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Ultrasound: A Valuable Translational Tool to Measure Postvoid Residual in Awake Rats?


Sartori, Andrea M; Schwab, Martin E; Kessler, Thomas M (2020). Ultrasound: A Valuable Translational Tool to Measure Postvoid Residual in Awake Rats? European Urology Focus, 6(5):916-921.

Abstract

BACKGROUND: Ultrasound is generally used to measure postvoid residual (PVR) in daily clinical practice for a basic assessment of voiding dysfunction. In animal research, however, PVR is measured mostly by expelling the urine with gentle squeezing of the bladder.
OBJECTIVE: To assess the translational value of measuring PVR by ultrasound in awake rats with the aim of obtaining directly comparable data sets in patients and rodent models.
DESIGN, SETTING, AND PARTICIPANTS: A prospective animal study was conducted in 10 rats with large, incomplete thoracic spinal cord injury resulting in severe bladder impairment. Lower urinary tract function was assessed by urodynamics with implanted bladder catheter and external urethral sphincter electrodes, allowing for repeated measurements over time. Immediately after the last micturition cycle in the urodynamic investigation, PVR was first assessed by ultrasound using a 7.5 MHz linear probe and then by manually expelling the urine via gentle pressure on the abdomen.
OUTCOME MEASUREMENTS AND STATISTICAL ANALYSIS: PVR was measured by ultrasound and by manually expelling the urine. Paired t test was used to analyze the difference between the two measurements 1 and 2 wk after spinal cord injury.
RESULTS AND LIMITATIONS: PVR assessed by ultrasound was equal to and not statistically different from the volumes obtained by manual expulsion in intact rats, both before injury and during the first 2 wk after spinal cord injury (intact: 0.16 ± 0.07 vs 0.14 ± 0.09 ml, p =  0.08; week 1: 1.67 ± 0.53 vs 1.71 ± 0.55 ml, p =  0.67; week 2: 1.16 ± 0.35 vs 0.98 ± 0.43 ml, p =  0.11). The main limitation of ultrasound for measuring PVR is the restricted availability of ultrasound machines in animal research laboratories.
CONCLUSIONS: Ultrasound is a valuable translational tool to measure PVR in awake rats reflecting the situation in humans.
PATIENT SUMMARY: We measured postvoid residual by ultrasound in awake rats, analogous to clinical examination in humans. Ultrasonography provided similar values to the generally used manual bladder expulsion.

Abstract

BACKGROUND: Ultrasound is generally used to measure postvoid residual (PVR) in daily clinical practice for a basic assessment of voiding dysfunction. In animal research, however, PVR is measured mostly by expelling the urine with gentle squeezing of the bladder.
OBJECTIVE: To assess the translational value of measuring PVR by ultrasound in awake rats with the aim of obtaining directly comparable data sets in patients and rodent models.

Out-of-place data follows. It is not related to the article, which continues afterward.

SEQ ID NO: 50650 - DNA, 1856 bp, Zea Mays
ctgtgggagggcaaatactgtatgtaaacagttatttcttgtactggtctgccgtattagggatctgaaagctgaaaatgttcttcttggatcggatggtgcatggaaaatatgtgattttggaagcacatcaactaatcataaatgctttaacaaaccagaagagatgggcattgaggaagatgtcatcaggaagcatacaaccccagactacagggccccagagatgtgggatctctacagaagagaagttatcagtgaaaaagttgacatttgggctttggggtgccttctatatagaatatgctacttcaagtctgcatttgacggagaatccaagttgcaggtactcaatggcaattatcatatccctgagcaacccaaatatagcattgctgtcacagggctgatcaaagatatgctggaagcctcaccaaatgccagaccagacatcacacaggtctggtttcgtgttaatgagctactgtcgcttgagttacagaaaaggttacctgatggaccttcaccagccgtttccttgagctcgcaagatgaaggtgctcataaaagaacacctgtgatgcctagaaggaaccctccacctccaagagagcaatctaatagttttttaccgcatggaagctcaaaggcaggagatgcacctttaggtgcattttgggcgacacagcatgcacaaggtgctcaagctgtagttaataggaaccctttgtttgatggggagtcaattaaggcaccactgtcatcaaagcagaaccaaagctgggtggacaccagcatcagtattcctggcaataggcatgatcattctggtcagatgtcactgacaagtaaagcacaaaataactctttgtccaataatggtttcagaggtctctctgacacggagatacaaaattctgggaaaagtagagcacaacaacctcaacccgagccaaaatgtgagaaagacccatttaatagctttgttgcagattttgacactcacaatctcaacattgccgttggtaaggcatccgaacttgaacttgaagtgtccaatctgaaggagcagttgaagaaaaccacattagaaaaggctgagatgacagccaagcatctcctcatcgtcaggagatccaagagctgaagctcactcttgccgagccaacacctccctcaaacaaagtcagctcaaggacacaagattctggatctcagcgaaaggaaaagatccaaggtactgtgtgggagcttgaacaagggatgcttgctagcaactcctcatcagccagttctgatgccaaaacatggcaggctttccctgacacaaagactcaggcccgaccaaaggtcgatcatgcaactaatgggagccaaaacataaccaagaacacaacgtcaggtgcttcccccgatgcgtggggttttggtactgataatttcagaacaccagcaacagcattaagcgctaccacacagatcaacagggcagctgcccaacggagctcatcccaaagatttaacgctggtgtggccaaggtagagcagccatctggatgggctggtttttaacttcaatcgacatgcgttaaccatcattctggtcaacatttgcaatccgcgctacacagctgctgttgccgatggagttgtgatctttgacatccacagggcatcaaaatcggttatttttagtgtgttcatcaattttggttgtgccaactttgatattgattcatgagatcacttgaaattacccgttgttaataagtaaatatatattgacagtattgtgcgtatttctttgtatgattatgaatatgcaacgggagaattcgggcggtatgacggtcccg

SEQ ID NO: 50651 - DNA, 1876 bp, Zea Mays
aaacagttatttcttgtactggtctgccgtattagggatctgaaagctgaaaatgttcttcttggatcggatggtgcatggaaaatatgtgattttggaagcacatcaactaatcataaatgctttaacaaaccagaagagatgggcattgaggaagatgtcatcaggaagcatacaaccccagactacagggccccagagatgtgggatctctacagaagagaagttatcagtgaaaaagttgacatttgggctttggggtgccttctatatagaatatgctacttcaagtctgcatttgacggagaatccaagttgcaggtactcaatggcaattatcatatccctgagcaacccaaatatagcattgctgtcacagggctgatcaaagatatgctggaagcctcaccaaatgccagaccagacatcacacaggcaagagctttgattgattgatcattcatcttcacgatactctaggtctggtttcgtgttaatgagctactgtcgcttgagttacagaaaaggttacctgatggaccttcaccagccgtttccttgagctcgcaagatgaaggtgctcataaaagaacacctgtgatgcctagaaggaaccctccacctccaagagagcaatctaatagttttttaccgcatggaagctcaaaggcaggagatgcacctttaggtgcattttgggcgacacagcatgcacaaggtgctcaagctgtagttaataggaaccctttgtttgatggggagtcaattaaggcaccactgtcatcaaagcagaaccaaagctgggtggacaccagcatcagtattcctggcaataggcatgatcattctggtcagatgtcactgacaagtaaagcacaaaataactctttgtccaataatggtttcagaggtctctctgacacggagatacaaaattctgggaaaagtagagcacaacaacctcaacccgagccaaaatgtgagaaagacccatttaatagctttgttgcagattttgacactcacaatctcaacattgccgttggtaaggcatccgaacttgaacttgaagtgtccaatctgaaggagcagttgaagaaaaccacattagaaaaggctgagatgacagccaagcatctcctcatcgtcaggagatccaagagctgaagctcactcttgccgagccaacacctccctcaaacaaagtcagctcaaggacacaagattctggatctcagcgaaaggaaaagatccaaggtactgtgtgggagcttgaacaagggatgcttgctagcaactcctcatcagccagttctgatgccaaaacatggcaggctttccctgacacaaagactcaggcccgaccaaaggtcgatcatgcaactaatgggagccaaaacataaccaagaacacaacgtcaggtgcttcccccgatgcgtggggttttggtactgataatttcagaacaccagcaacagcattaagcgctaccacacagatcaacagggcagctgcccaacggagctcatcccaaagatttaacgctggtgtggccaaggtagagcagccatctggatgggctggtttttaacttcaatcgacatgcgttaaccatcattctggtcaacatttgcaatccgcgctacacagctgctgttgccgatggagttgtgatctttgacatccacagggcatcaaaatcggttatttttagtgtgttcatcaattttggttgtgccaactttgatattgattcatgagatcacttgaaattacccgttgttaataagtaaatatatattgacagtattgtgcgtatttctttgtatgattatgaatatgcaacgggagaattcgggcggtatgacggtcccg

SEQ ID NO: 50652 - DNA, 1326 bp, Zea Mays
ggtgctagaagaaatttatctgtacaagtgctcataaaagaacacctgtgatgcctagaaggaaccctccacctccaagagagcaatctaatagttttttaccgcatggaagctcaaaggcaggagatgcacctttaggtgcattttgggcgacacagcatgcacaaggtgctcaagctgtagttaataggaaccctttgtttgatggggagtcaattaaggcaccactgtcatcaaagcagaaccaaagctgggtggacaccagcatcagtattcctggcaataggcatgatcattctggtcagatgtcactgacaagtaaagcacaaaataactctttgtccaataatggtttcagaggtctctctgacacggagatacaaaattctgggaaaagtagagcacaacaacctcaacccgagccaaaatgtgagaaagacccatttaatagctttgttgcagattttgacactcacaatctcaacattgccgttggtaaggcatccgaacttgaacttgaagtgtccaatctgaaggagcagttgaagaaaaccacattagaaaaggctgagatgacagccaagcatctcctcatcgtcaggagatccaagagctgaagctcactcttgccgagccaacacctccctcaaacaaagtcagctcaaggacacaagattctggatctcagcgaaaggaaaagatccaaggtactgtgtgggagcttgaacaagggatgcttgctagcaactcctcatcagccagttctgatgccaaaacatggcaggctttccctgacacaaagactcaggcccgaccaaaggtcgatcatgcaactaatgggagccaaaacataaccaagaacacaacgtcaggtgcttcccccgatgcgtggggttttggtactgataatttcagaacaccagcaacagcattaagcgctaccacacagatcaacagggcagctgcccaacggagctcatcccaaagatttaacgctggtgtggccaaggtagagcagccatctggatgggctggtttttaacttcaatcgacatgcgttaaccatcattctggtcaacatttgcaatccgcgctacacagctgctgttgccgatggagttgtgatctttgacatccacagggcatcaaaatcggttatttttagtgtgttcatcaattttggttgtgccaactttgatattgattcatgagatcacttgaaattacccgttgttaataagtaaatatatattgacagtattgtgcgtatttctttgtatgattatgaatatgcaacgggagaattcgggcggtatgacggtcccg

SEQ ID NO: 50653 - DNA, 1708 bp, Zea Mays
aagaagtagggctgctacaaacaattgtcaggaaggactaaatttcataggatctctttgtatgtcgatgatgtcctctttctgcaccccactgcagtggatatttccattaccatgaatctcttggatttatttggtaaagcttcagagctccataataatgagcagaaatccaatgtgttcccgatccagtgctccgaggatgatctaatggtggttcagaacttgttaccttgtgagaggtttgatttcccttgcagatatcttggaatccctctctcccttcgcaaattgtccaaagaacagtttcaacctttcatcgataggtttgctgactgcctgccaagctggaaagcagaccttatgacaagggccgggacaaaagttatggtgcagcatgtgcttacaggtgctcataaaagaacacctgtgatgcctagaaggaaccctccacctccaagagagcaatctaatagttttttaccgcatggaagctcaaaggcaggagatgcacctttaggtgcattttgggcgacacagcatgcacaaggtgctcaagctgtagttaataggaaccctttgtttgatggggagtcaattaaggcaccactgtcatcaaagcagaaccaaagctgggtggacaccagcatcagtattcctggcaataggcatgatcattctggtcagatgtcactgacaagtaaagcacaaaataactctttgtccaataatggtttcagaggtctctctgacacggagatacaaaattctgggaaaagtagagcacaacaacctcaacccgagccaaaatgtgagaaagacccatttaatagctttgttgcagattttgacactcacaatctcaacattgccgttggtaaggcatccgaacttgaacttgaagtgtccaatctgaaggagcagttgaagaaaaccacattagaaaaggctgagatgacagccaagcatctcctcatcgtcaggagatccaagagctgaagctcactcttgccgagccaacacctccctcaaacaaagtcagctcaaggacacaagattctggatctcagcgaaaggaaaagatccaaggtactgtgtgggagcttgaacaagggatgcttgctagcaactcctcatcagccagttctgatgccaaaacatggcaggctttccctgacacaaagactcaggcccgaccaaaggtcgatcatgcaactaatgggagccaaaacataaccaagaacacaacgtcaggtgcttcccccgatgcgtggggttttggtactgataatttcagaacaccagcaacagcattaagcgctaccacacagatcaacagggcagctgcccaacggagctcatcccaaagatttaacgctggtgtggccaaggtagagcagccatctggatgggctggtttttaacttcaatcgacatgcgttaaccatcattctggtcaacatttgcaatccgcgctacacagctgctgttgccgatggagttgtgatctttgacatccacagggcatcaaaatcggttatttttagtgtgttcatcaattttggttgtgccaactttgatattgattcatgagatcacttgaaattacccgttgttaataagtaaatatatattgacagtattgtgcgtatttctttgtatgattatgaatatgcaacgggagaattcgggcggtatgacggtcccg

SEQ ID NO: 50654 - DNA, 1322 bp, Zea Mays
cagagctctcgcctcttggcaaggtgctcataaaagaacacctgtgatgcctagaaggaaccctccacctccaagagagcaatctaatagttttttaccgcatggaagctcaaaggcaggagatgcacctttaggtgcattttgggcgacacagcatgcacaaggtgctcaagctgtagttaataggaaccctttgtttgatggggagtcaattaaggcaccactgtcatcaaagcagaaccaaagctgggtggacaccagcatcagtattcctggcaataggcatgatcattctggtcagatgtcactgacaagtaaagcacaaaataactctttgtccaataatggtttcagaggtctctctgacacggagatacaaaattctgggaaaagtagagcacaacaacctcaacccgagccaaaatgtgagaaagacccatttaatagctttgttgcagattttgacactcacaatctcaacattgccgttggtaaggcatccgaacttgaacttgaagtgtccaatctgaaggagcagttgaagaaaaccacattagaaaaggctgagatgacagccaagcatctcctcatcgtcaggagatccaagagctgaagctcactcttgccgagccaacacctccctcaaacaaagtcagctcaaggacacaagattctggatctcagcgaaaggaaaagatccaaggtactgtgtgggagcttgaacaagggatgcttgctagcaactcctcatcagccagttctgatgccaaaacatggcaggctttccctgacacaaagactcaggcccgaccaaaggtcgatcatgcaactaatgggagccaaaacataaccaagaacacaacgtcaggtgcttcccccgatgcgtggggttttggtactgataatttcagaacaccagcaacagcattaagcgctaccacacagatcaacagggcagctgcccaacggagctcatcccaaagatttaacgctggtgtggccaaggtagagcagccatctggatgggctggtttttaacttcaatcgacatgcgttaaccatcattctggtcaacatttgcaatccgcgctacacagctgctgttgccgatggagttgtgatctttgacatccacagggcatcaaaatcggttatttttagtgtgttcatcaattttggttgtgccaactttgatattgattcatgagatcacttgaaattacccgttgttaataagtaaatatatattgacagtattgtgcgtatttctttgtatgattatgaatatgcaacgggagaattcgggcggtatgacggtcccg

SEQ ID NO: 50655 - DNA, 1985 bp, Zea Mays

DESIGN, SETTING, AND PARTICIPANTS: A prospective animal study was conducted in 10 rats with large, incomplete thoracic spinal cord injury resulting in severe bladder impairment. Lower urinary tract function was assessed by urodynamics with implanted bladder catheter and external urethral sphincter electrodes, allowing for repeated measurements over time. Immediately after the last micturition cycle in the urodynamic investigation, PVR was first assessed by ultrasound using a 7.5 MHz linear probe and then by manually expelling the urine via gentle pressure on the abdomen.
OUTCOME MEASUREMENTS AND STATISTICAL ANALYSIS: PVR was measured by ultrasound and by manually expelling the urine. Paired t test was used to analyze the difference between the two measurements 1 and 2 wk after spinal cord injury.
RESULTS AND LIMITATIONS: PVR assessed by ultrasound was equal to and not statistically different from the volumes obtained by manual expulsion in intact rats, both before injury and during the first 2 wk after spinal cord injury (intact: 0.16 ± 0.07 vs 0.14 ± 0.09 ml, p =  0.08; week 1: 1.67 ± 0.53 vs 1.71 ± 0.55 ml, p =  0.67; week 2: 1.16 ± 0.35 vs 0.98 ± 0.43 ml, p =  0.11). The main limitation of ultrasound for measuring PVR is the restricted availability of ultrasound machines in animal research laboratories.
CONCLUSIONS: Ultrasound is a valuable translational tool to measure PVR in awake rats reflecting the situation in humans.
PATIENT SUMMARY: We measured postvoid residual by ultrasound in awake rats, analogous to clinical examination in humans. Ultrasonography provided similar values to the generally used manual bladder expulsion.

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Additional indexing

Item Type:Journal Article, refereed, original work
Communities & Collections:04 Faculty of Medicine > Balgrist University Hospital, Swiss Spinal Cord Injury Center
04 Faculty of Medicine > Institute for Regenerative Medicine (IREM)
Dewey Decimal Classification:610 Medicine & health
Scopus Subject Areas:Health Sciences > Urology
Language:English
Date:1 September 2020
Deposited On:13 Jan 2020 14:13
Last Modified:08 Jul 2021 15:46
Publisher:Elsevier
ISSN:2405-4569
OA Status:Closed
Publisher DOI:https://doi.org/10.1016/j.euf.2019.11.016
PubMed ID:31813811

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